John Oliver Will Make You Care Where Your Clothes Come From

Once again, Last Week Tonight Host John Oliver is shining a light on the things we seem to have a very singular belief about (the IRS owes him one for that). This time, it's fast fashion from stores such as Gap and H&M. Or, as he skewers, "personality you can buy."

During Sunday night's episode, Oliver highlighted the fact that the average American buys roughly 64 items of clothing per year — simply because we can. In one example, he called attention to the fact that H&M selling a women's dress for fewer than five dollars is ridiculous by correlating the price with equally ridiculous illustrations: "You could take a five dollar bill, Scotch-tape it to your genitals, and you'd be wearing a more expensive piece of clothing," denounces Oliver. "This dress is only seven cents more than a DVD of The Ghosts of Girlfriends Past — inexpensive DVD raves Variety.”

The multi-level, multi-room, everything-to-everyone colossuses of a Banana Republic, Express, or Zara are the reason you're often able to look stylish without sacrificing half of your paycheck for a pair of designer jeans, because "trendy clothing is cheaper than ever, and cheap clothing are trendier than ever," which is absolutely great for the consumer, but which forces brands to sell in massive volume to turn a profit and remain competitive. 

Oliver's reprimand of the corporations stems from the fact that the cheap clothing requires cheap labor. He challenges the want for style with the need for fair labor by detailing how most large brands are utilizing child labor and sweatshops to manufacture their goods — that includes that plaid button down shirt he promises you don't need since you probably already have enough of those to wear a different variation every day of the week until you die.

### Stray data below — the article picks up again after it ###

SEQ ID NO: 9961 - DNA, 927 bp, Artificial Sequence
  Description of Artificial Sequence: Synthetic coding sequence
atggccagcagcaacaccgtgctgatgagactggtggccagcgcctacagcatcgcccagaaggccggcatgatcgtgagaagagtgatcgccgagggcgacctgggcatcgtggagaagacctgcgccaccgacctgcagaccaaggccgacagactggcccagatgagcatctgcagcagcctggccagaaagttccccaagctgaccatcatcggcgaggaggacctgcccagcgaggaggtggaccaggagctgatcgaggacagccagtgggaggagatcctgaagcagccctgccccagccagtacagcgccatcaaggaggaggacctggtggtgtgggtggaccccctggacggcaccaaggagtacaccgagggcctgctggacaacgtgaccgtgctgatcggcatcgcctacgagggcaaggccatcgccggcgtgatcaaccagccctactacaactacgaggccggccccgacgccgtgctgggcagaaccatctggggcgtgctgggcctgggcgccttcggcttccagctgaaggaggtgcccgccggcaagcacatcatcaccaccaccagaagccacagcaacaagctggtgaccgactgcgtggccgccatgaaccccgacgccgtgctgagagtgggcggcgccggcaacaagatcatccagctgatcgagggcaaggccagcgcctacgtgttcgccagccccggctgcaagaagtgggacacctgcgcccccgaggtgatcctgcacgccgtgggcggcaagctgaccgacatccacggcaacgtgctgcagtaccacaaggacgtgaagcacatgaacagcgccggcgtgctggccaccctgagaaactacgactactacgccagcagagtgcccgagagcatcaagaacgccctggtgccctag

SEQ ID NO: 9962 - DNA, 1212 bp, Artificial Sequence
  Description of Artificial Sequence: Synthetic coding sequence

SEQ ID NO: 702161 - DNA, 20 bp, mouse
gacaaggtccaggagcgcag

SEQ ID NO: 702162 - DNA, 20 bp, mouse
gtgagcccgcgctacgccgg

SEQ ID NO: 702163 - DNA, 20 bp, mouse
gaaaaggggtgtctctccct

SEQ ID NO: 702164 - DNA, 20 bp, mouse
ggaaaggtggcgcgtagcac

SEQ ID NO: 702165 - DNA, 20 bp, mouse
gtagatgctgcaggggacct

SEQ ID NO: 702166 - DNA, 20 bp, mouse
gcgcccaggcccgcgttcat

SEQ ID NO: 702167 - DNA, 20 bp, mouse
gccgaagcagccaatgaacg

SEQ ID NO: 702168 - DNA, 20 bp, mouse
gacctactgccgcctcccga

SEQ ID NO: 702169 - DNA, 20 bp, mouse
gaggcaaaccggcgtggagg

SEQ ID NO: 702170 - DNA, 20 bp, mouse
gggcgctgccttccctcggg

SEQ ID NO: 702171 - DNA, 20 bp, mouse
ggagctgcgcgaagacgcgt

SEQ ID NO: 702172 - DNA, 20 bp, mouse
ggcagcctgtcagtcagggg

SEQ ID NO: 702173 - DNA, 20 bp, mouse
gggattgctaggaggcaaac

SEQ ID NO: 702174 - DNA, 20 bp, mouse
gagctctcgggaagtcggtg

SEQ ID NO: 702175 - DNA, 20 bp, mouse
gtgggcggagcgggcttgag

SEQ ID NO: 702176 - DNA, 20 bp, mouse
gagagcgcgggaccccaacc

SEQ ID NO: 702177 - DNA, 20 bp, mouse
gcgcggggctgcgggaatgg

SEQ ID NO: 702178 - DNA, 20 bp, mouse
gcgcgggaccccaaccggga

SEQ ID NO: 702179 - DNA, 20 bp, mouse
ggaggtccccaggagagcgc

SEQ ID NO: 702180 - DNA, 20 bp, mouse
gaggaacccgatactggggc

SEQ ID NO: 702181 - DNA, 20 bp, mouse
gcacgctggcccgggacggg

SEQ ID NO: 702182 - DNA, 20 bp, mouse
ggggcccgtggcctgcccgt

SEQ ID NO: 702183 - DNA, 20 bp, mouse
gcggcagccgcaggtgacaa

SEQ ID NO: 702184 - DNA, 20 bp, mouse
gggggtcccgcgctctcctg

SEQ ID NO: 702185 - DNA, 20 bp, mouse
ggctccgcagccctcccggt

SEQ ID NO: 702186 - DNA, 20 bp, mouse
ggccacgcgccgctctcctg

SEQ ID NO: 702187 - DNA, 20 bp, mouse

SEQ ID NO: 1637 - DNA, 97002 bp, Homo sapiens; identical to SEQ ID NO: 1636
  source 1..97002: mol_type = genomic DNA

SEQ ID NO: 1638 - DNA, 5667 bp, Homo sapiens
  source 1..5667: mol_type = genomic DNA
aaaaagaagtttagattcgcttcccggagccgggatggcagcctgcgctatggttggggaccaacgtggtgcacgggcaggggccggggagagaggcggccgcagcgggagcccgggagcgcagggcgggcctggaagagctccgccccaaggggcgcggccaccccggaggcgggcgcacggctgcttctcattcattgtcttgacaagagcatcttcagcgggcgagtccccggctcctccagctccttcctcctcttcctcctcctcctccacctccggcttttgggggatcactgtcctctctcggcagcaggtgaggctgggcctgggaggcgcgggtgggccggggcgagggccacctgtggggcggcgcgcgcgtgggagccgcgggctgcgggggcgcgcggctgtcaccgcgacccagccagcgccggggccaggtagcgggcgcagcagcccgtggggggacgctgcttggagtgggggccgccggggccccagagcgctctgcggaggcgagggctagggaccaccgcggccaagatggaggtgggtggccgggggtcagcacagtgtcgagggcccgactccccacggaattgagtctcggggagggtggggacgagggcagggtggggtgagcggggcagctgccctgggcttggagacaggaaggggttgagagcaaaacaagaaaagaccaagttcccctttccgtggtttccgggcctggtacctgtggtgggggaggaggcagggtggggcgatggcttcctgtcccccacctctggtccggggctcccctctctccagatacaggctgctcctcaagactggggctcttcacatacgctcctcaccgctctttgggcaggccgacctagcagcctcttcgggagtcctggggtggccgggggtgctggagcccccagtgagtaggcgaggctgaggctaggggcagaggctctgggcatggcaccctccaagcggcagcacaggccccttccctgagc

Maybe most importantly, he explains that Gap responded when reached for comment by explaining that they've made a concerted effort to improve their policies, and have tried as hard as they can to fix these issues. "That means a company trying as hard as it can has been not infrequently connected to labor violations in multiple countries over two decades," Oliver points out. "The only situation in which Gap could claim to be unambiguously helpful to people is when someone shits their pants directly outside one of their stores."

Then, in an attempt to emphasize the cliché that "there's no free lunch" to the CEOs of the multi-billion dollar corporations under fire, who often act surprised by the dangerous conditions their clothes are being made under, Oliver offered up a cheap buffet of sushi, dumplings, and rotisserie chickens, then he promised — to the best of his knowledge — nobody had "spit on the food or rubbed their balls on it." 

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